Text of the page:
After some research you settle on Codeberg and decide to host your new secret website of static content using Codeberg pages. Setting up a profile on Codeberg is trivial and should be familiar to anyone who has used GitHub or a similar site. Hosting the website on Codeberg might feel different, however.

Here I will outline one approach to doing this successfully check the docs for other options.

Before you do anything make sure you are in the secret-website directory:

pwd #/home/<username>/dev/secret-website

Run touch .gitignore && vim .gitignore then add any directories that will contain build outputs:


I am assuming that a static-site-generator (ssg) of some kind will be used and that there is a build step that can be invoked with ssg build:

ssg build #builds static files in /dist/
ls dist #icon.png index.html style.css

What we want to do is copy the files from dist into a directory called pages. We then want to push the contents of pages into a Codeberg repo that is distinct from the one holding the source code of the website.

On Codeberg create a separate repo called web-pages, give it a readme and then clone it into your secret-website directory:

pwd #/home/<username>/dev/secret-website
git clone pages

You should now have a parent directory (secret-website) containing the source files and a child directory (pages) that will hold the output of ssg build. Both are git repos that will have separate commit histories and Codeberg remotes.

Check that your user name and email in the pages directory are correct:

cd pages
git config #mynewname
git config

Now move back to the parent directory and do a recursive copy from dist to pages:

cd ..
pwd #/home/<username>/dev/secret-website
cp -R dist/* pages

Run git -u push origin main to push your source code to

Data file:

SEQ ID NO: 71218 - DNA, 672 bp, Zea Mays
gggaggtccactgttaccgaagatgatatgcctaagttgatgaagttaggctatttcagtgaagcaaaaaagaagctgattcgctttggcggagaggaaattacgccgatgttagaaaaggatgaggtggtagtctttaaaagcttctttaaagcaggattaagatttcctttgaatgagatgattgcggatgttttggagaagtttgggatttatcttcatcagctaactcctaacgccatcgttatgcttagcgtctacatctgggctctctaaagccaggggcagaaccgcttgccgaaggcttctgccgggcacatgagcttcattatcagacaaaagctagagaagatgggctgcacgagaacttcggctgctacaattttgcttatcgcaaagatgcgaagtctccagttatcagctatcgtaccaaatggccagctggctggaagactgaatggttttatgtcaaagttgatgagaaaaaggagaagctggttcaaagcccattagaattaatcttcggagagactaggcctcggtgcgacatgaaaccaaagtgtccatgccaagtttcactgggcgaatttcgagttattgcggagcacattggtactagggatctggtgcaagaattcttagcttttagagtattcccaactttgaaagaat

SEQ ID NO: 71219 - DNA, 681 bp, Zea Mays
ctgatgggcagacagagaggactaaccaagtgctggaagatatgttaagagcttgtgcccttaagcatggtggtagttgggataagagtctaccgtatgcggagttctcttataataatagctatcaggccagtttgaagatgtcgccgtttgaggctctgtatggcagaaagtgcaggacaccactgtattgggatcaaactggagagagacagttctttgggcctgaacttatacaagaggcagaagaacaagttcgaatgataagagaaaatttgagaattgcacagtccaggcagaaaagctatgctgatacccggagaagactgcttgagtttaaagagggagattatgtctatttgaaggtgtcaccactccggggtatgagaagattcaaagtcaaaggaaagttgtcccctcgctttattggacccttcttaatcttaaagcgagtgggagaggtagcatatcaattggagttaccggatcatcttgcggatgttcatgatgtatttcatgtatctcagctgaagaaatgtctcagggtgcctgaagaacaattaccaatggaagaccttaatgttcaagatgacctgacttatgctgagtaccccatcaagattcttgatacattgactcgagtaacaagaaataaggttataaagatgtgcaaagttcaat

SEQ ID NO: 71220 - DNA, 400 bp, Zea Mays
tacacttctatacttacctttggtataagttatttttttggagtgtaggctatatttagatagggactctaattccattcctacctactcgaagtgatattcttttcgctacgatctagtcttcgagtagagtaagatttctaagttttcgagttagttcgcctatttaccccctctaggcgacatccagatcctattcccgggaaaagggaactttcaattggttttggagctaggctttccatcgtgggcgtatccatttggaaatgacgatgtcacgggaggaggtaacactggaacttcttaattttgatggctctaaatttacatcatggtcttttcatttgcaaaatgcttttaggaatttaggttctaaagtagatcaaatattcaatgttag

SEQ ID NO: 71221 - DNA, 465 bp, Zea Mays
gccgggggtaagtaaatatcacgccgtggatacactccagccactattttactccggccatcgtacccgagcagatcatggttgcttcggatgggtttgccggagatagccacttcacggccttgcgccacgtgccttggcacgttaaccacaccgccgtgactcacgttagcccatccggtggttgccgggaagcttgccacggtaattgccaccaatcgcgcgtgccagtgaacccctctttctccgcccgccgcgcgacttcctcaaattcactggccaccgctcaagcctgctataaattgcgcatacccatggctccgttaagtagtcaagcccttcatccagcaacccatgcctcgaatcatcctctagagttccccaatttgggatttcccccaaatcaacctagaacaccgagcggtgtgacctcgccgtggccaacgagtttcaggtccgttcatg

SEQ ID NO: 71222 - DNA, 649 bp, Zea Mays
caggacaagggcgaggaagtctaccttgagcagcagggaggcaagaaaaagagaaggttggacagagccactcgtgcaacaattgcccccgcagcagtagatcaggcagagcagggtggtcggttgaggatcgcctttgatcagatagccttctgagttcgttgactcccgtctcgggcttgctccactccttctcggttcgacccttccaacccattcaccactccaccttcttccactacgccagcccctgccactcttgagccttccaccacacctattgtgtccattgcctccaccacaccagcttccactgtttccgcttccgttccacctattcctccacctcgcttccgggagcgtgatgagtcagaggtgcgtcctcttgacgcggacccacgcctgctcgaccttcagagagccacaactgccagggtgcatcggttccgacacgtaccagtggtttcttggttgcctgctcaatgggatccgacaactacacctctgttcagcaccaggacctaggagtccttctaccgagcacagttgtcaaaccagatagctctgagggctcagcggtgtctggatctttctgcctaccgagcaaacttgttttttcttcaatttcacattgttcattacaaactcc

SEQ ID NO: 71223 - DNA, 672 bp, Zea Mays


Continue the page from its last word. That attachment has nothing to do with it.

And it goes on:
Change to the pages directory and commit the static files to

cd pages
git add secret.html
git commit -m "add secret post to website"
git push -u origin main

If you access the pages repo on Codeberg you should see a visit page button that will take you to a site with the url

Domain Privacy Protection#

If you want a custom domain for your secret website then you need to add a .domains file to your pages repo.

This is just a plaintext file that lists domains. The first entry is the address of your custom domain. Subsequent entries in the list will be redirected to the custom domain. It might look something like this:

When you are buying a domain make sure that the domain name registrar provides domain privacy protection. If you register a domain without privacy protection then identifying details you entered during registration can be found by anyone using a service like Whois Lookup.

Buying a domain with namecheap comes with free privacy protection, for example.

You will need to set up DNS for your new domain. This is normally done through your user profile on a service like namecheap. This is outside the scope of this post but you can refer to the official Codeberg pages docs for more information.